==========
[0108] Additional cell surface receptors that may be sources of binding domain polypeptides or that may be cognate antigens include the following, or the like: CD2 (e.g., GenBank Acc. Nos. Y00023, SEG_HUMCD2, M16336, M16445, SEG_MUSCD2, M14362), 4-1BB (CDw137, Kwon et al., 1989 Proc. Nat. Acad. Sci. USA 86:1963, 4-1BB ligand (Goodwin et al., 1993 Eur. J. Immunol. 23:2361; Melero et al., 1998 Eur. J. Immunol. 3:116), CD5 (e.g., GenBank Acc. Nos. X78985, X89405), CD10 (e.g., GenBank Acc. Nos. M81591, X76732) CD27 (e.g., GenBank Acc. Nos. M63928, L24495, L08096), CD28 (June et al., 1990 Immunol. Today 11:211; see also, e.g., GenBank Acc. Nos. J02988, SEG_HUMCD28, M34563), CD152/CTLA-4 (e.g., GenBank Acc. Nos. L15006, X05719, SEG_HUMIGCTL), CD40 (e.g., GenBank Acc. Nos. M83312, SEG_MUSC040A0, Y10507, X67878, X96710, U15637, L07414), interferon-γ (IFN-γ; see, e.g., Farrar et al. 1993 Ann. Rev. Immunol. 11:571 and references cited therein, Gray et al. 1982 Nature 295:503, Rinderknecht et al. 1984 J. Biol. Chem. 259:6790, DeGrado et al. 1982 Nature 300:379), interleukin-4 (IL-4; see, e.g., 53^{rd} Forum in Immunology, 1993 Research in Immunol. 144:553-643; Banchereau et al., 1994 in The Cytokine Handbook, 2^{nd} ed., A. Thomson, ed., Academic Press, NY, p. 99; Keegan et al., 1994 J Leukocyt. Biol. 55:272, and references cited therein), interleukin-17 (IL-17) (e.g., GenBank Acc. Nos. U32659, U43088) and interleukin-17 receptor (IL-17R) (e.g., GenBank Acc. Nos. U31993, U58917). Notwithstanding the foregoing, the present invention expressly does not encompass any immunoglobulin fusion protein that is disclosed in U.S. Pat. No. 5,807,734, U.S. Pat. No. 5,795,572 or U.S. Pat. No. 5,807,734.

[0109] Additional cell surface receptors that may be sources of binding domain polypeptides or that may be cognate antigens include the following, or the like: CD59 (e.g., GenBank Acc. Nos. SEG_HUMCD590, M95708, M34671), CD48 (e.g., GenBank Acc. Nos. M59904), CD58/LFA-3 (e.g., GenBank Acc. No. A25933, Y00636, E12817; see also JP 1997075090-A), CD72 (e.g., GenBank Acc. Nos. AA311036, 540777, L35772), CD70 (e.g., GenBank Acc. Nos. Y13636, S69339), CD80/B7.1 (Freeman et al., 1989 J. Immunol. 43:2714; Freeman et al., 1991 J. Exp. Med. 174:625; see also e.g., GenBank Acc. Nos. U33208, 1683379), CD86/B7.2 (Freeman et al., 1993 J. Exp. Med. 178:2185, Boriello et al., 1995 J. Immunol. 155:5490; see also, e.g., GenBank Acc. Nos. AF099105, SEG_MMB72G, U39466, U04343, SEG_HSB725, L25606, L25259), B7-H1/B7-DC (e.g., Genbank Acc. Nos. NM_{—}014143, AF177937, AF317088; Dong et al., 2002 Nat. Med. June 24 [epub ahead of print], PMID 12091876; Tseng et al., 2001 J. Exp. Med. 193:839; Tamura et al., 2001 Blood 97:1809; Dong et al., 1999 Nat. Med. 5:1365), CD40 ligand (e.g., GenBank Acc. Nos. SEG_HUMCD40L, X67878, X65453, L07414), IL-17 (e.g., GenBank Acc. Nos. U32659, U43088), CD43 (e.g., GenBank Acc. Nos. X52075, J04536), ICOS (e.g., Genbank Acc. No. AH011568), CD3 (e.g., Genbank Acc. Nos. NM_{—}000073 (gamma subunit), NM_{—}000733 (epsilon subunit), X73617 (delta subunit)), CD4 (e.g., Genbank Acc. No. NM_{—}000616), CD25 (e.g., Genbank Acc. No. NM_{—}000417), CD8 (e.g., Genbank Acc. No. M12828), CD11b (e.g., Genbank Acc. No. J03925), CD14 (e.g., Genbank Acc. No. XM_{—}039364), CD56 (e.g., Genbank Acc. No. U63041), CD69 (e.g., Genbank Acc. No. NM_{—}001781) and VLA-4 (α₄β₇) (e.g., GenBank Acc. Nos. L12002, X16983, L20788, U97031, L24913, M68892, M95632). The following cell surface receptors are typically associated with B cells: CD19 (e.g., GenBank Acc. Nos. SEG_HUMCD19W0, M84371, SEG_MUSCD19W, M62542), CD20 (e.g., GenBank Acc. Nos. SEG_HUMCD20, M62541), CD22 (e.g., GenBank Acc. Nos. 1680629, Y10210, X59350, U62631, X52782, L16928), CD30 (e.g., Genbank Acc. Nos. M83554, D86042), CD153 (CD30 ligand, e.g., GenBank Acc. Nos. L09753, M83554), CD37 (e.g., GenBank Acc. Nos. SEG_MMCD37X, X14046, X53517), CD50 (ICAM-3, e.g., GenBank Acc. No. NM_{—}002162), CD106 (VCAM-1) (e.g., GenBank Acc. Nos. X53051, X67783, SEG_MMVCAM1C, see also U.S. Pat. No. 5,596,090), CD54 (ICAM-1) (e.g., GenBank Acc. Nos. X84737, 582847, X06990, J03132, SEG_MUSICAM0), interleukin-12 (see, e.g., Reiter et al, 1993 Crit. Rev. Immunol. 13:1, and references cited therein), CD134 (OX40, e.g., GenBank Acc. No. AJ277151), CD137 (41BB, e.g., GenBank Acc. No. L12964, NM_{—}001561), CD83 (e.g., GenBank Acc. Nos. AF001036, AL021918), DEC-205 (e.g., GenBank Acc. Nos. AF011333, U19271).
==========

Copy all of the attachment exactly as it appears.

[0108] Additional cell surface receptors that may be sources of binding domain polypeptides or that may be cognate antigens include the following, or the like: CD2 (e.g., GenBank Acc. Nos. Y00023, SEG_HUMCD2, M16336, M16445, SEG_MUSCD2, M14362), 4-1BB (CDw137, Kwon et al., 1989 Proc. Nat. Acad. Sci. USA 86:1963, 4-1BB ligand (Goodwin et al., 1993 Eur. J. Immunol. 23:2361; Melero et al., 1998 Eur. J. Immunol. 3:116), CD5 (e.g., GenBank Acc. Nos. X78985, X89405), CD10 (e.g., GenBank Acc. Nos. M81591, X76732) CD27 (e.g., GenBank Acc. Nos. M63928, L24495, L08096), CD28 (June et al., 1990 Immunol. Today 11:211; see also, e.g., GenBank Acc. Nos. J02988, SEG_HUMCD28, M34563), CD152/CTLA-4 (e.g., GenBank Acc. Nos. L15006, X05719, SEG_HUMIGCTL), CD40 (e.g., GenBank Acc. Nos. M83312, SEG_MUSC040A0, Y10507, X67878, X96710, U15637, L07414), interferon-γ (IFN-γ; see, e.g., Farrar et al. 1993 Ann. Rev. Immunol. 11:571 and references cited therein, Gray et al. 1982 Nature 295:503, Rinderknecht et al. 1984 J. Biol. Chem. 259:6790, DeGrado et al. 1982 Nature 300:379), interleukin-4 (IL-4; see, e.g., 53^{rd} Forum in Immunology, 1993 Research in Immunol. 144:553-643; Banchereau et al., 1994 in The Cytokine Handbook, 2^{nd} ed., A. Thomson, ed., Academic Press, NY, p. 99; Keegan et al., 1994 J Leukocyt. Biol. 55:272, and references cited therein), interleukin-17 (IL-17) (e.g., GenBank Acc. Nos. U32659, U43088) and interleukin-17 receptor (IL-17R) (e.g., GenBank Acc. Nos. U31993, U58917). Notwithstanding the foregoing, the present invention expressly does not encompass any immunoglobulin fusion protein that is disclosed in U.S. Pat. No. 5,807,734, U.S. Pat. No. 5,795,572 or U.S. Pat. No. 5,807,734.

[0109] Additional cell surface receptors that may be sources of binding domain polypeptides or that may be cognate antigens include the following, or the like: CD59 (e.g., GenBank Acc. Nos. SEG_HUMCD590, M95708, M34671), CD48 (e.g., GenBank Acc. Nos. M59904), CD58/LFA-3 (e.g., GenBank Acc. No. A25933, Y00636, E12817; see also JP 1997075090-A), CD72 (e.g., GenBank Acc. Nos. AA311036, 540777, L35772), CD70 (e.g., GenBank Acc. Nos. Y13636, S69339), CD80/B7.1 (Freeman et al., 1989 J. Immunol. 43:2714; Freeman et al., 1991 J. Exp. Med. 174:625; see also e.g., GenBank Acc. Nos. U33208, 1683379), CD86/B7.2 (Freeman et al., 1993 J. Exp. Med. 178:2185, Boriello et al., 1995 J. Immunol. 155:5490; see also, e.g., GenBank Acc. Nos. AF099105, SEG_MMB72G, U39466, U04343, SEG_HSB725, L25606, L25259), B7-H1/B7-DC (e.g., Genbank Acc. Nos. NM_{—}014143, AF177937, AF317088; Dong et al., 2002 Nat. Med. June 24 [epub ahead of print], PMID 12091876; Tseng et al., 2001 J. Exp. Med. 193:839; Tamura et al., 2001 Blood 97:1809; Dong et al., 1999 Nat. Med. 5:1365), CD40 ligand (e.g., GenBank Acc. Nos. SEG_HUMCD40L, X67878, X65453, L07414), IL-17 (e.g., GenBank Acc. Nos. U32659, U43088), CD43 (e.g., GenBank Acc. Nos. X52075, J04536), ICOS (e.g., Genbank Acc. No. AH011568), CD3 (e.g., Genbank Acc. Nos. NM_{—}000073 (gamma subunit), NM_{—}000733 (epsilon subunit), X73617 (delta subunit)), CD4 (e.g., Genbank Acc. No. NM_{—}000616), CD25 (e.g., Genbank Acc. No. NM_{—}000417), CD8 (e.g., Genbank Acc. No. M12828), CD11b (e.g., Genbank Acc. No. J03925), CD14 (e.g., Genbank Acc. No. XM_{—}039364), CD56 (e.g., Genbank Acc. No. U63041), CD69 (e.g., Genbank Acc. No. NM_{—}001781) and VLA-4 (α₄β₇) (e.g., GenBank Acc. Nos. L12002, X16983, L20788, U97031, L24913, M68892, M95632). The following cell surface receptors are typically associated with B cells: CD19 (e.g., GenBank Acc. Nos. SEG_HUMCD19W0, M84371, SEG_MUSCD19W, M62542), CD20 (e.g., GenBank Acc. Nos. SEG_HUMCD20, M62541), CD22 (e.g., GenBank Acc. Nos. 1680629, Y10210, X59350, U62631, X52782, L16928), CD30 (e.g., Genbank Acc. Nos. M83554, D86042), CD153 (CD30 ligand, e.g., GenBank Acc. Nos. L09753, M83554), CD37 (e.g., GenBank Acc. Nos. SEG_MMCD37X, X14046, X53517), CD50 (ICAM-3, e.g., GenBank Acc. No. NM_{—}002162), CD106 (VCAM-1) (e.g., GenBank Acc. Nos. X53051, X67783, SEG_MMVCAM1C, see also U.S. Pat. No. 5,596,090), CD54 (ICAM-1) (e.g., GenBank Acc. Nos. X84737, 582847, X06990, J03132, SEG_MUSICAM0), interleukin-12 (see, e.g., Reiter et al, 1993 Crit. Rev. Immunol. 13:1, and references cited therein), CD134 (OX40, e.g., GenBank Acc. No. AJ277151), CD137 (41BB, e.g., GenBank Acc. No. L12964, NM_{—}001561), CD83 (e.g., GenBank Acc. Nos. AF001036, AL021918), DEC-205 (e.g., GenBank Acc. Nos. AF011333, U19271).